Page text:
A lovely day with a little bit of a breeze and occasional cloud. Perfect for walking.
The plan was to walk from Arrochar at the head of Loch Long and follow the northern end of the Cowal Way up to Loch Sloy
Leaving Appletree Cottage we drove to Balloch and then up the western shore of Loch Lomond. At Tarbert, about half way up Loch Lomond we continued straight on towards Arrochar and Invararay.
Arrochar was only a couple of miles further on and we drove through the village and parked in the car park immediately before the bridge at the head of the loch.
There was a sign saying there was a charge of £1 per day for parking at the time of our visit (although the machines were still being installed and were wrapped in plastic bags - hooray!)
Walking out from Arrochar
From the car park we crossed the main road and followed a narrow road up the south side of the river (we did not ever cross the river) After about quarter of a mile (1/2km) there was a sign to the right saying “Cowal Way” . We followed the track up about 100 yards and turned left, away from the loch and continued along this for about a mile when it eventually became a path.
The walk was relatively easy, very peaceful and unspoilt. Mostly on the level there was the occasional small hill or mound which the path would contour up. It was easy to see where we were going and the path, though rutted in places with some loose rocks on the inclines, was generally well maintained.
After about 4 miles (6.5 km we skirted round the side of and entered a wood of tall handsome trees. Emerging eventually in open country and through a gate at the end of the path.
We had a choice to turn left or right (as signposted) across a small wooden bridge and up onto there dam service road (tarmac) where we turned left.
It was only about another mile to Loch Sloy Dam as the road climbed gently up the hillside.
About Loch Sloy Dam
Loch Sloy is the largest conventional hydroelectric plant in Britain. Its water flows from Loch Sloy along 3km tunnels cut through Ben Vorlich, to power the station on the shore of Loch Lomond below. Four huge pipes are clearly visible from the Loch Lomond shore carrying the water on its final journey to the generating station next to the main road.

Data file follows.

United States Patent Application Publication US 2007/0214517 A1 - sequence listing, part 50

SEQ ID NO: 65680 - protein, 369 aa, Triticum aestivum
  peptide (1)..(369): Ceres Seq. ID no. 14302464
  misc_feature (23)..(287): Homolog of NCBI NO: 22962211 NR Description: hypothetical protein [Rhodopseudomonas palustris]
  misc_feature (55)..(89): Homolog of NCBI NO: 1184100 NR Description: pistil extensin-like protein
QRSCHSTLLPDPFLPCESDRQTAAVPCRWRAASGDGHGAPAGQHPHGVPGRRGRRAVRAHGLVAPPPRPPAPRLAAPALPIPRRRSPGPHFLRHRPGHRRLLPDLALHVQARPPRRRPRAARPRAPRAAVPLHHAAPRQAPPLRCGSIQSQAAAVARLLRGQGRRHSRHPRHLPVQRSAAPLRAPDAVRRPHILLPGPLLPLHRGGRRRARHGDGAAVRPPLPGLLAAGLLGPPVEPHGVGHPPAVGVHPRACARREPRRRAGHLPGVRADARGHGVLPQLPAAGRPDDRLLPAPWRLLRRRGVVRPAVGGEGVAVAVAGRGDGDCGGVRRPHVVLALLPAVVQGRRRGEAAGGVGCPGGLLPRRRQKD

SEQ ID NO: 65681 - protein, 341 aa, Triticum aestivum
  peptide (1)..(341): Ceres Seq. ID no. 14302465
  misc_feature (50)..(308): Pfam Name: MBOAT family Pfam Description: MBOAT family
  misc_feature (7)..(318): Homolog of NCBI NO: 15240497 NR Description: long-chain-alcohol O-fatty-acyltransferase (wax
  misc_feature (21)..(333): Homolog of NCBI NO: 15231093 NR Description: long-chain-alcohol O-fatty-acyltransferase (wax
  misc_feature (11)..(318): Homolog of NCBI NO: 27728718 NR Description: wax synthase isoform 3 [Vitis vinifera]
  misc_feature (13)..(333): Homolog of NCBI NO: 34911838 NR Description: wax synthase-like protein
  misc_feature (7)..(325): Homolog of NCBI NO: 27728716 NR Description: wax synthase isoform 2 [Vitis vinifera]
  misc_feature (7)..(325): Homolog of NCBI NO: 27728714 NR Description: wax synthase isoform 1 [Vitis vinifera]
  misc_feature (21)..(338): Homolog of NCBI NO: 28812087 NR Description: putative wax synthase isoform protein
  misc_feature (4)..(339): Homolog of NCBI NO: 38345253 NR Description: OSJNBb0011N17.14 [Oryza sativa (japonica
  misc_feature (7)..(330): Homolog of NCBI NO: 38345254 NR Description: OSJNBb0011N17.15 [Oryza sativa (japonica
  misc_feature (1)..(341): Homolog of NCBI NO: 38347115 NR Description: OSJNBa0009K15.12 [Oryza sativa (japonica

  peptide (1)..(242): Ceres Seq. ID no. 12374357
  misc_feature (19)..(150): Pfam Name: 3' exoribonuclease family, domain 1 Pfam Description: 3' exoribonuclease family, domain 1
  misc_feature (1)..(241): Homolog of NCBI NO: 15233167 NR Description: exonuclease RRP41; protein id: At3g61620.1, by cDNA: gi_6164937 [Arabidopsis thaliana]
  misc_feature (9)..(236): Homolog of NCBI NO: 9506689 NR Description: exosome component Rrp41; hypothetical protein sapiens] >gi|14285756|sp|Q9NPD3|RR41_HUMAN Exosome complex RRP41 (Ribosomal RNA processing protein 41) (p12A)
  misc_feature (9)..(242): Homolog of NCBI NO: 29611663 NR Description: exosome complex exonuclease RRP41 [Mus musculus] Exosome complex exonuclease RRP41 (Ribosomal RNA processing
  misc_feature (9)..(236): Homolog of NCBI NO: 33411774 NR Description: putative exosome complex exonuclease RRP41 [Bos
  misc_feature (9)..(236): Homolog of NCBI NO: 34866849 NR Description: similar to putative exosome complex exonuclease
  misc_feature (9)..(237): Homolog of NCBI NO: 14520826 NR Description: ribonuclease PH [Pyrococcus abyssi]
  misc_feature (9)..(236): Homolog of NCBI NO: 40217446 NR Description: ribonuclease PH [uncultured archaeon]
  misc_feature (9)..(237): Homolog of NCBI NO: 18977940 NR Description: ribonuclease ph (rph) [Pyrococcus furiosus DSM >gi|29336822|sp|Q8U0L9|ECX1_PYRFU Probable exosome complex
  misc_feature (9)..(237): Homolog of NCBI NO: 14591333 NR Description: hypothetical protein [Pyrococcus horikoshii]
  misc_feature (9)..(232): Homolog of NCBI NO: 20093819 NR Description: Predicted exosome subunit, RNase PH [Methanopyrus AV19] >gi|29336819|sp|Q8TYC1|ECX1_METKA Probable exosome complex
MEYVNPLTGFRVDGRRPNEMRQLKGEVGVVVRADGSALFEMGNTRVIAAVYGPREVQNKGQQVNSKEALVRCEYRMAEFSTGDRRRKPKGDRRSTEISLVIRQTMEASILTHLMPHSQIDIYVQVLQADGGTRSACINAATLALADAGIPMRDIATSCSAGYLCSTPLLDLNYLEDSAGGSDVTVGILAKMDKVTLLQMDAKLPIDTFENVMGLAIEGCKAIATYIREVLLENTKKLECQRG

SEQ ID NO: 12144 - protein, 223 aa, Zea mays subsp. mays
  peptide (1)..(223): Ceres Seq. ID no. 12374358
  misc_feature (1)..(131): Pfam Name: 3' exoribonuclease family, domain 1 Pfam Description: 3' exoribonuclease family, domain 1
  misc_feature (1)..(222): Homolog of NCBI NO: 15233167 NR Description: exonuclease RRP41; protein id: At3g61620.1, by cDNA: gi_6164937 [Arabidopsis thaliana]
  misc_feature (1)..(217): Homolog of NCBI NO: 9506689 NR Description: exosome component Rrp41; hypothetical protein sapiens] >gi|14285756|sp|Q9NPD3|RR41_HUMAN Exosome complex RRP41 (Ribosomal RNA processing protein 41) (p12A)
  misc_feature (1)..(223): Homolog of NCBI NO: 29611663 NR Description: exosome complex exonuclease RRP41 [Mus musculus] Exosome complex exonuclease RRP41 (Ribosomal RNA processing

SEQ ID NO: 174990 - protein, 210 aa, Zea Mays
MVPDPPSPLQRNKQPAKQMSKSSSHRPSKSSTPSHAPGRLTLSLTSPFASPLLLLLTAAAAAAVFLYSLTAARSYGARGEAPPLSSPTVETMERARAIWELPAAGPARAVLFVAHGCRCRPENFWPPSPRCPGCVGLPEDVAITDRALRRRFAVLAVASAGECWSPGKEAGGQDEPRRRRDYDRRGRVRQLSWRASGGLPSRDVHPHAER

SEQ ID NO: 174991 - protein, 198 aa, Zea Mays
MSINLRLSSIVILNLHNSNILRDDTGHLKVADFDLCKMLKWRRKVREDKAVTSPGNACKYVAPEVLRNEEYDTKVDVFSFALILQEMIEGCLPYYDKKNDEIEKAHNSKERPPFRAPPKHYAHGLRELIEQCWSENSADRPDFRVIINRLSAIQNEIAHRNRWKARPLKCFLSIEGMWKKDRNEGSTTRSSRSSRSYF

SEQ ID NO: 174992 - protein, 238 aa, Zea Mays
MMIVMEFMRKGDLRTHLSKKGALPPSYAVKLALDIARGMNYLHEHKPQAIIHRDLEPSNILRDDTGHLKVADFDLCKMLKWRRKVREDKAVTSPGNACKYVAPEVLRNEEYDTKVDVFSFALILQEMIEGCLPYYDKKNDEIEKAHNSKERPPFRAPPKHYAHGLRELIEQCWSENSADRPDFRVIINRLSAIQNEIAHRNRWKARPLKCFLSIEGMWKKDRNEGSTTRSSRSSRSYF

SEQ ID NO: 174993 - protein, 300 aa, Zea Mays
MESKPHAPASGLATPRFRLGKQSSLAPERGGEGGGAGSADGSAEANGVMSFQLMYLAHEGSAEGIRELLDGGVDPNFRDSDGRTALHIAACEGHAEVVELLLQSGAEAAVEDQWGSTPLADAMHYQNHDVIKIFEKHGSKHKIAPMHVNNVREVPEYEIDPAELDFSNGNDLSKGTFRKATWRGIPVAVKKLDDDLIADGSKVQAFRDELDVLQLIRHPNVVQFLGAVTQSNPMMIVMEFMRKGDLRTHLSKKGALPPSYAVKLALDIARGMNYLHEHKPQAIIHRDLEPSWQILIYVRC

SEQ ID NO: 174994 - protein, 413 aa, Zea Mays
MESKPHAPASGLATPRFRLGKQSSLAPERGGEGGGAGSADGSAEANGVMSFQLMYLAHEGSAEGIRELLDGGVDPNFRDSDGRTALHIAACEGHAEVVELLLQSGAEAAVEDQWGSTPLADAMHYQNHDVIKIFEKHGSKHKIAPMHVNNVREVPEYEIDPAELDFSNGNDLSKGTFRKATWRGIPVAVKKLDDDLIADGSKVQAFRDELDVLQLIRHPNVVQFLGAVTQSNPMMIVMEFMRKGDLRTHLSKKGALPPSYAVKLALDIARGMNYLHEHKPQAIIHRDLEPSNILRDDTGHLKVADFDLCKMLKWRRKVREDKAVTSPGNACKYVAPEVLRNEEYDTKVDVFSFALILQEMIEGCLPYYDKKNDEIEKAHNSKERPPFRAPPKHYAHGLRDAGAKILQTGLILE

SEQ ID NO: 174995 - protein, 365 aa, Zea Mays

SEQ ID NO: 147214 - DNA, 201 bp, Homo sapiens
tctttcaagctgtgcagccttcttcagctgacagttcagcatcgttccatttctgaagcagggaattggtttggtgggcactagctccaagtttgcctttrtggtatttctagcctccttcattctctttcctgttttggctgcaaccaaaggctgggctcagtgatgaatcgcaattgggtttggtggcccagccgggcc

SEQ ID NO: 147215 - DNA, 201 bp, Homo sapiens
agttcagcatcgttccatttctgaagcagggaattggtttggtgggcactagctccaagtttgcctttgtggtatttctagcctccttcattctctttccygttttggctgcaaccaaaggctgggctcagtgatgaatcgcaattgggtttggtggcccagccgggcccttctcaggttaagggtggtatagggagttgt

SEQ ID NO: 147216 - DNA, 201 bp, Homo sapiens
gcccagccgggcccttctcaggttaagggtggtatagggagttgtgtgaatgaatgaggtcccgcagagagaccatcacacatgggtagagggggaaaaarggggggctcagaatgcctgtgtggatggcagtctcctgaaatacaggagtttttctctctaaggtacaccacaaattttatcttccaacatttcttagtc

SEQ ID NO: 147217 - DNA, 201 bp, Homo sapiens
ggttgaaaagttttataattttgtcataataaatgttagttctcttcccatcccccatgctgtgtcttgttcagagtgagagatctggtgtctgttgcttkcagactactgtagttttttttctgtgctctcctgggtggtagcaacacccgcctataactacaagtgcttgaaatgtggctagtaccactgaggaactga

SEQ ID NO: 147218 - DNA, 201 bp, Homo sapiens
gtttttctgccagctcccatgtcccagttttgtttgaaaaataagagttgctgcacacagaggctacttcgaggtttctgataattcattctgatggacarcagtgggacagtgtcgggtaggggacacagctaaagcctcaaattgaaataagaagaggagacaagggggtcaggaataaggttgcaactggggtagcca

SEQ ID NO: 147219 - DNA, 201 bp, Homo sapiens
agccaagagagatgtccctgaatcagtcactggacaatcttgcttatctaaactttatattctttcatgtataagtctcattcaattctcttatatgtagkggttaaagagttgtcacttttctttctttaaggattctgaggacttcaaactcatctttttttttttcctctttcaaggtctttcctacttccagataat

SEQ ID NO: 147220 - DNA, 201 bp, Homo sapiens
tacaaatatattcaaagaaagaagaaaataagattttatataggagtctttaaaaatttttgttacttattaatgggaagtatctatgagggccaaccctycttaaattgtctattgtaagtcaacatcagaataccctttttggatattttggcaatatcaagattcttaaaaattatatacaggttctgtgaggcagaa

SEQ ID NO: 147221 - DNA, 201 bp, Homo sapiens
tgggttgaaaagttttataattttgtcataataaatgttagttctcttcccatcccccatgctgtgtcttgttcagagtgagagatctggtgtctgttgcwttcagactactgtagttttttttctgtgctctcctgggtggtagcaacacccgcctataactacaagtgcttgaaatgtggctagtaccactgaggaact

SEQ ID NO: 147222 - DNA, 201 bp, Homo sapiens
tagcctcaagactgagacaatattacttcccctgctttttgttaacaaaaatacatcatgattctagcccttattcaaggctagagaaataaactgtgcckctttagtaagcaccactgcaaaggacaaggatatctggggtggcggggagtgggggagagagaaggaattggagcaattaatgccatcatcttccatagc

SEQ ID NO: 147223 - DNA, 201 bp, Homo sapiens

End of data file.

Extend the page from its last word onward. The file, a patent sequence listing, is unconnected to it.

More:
Construction on the Dam commenced in May 1945 and was completed in 1949, the official opening ceremony being on 18 Oct 1950. Initially prisoners worked on the construction but when the war finished workers came from as far away as Cornwall to join the project. At its
peak the workforce exceed 2,200 men. The tunnelling was hard and 21 men lost their lives during construction.
The dam doubled the lengh of Loch Sloy and raised its water level by 47 meters.
The complex is used as stand-by power to the national grid and can be at full capacity (152mw) from a standing start in only five minutes.
For more detailed information about Loch Sloy Dam visit http://www.engineering-timelines.com/scripts/engineeringItem.asp?id=1014
At the Dam
The road had been gently climbing since we joined it and after about half a mile we got our first glimpses of the dam. Looking dark, menacing and somewhat satanic in the day’s light.
It grew larger and larger as we approached and the bold designs of architect Harold Ogle Tarbolton’s now A listed structure became clearer.
As we arrived at the foot of the dam the stillness of the air and the silence in the hills, with not another person in sight served to exaggerate the presence of this enormous structure.
We walked up the road to the west end of the top of the dam and through the short tunnel which obviously serves as a shelter for sheep on the wilder days. We were free to walk across the top of the dam and through the gate at the eastern end. From there led a set of stones set in the hillside as a staircase. The interesting thing about this staircase was that it could only be seen from above as not clue to its existence could be discerned from below.
End of a great day
After exploring the dam and taking in the surrounding views we made our way back along the route from which we’d come to return to our car.
As an alternative we did consider walking up to the dam from Inveruglas (where the four huge pipes come out the hill down to the generating station on the shore of Loch Lomond.
We decided not to do this as the parking in Inveruglas car park was £4 and there was quite a long walk (about ½ mile) beside the main road before beginning to ascend the service road to
Our route was moderate, about 10.5miles in lengh (17km) and thoroughly enjoyable.
Car journey – about 50 minutes from Appletree Cottage
Walking duration – about 5 hours with lots of stops.
One of the best walks we’ve had this year!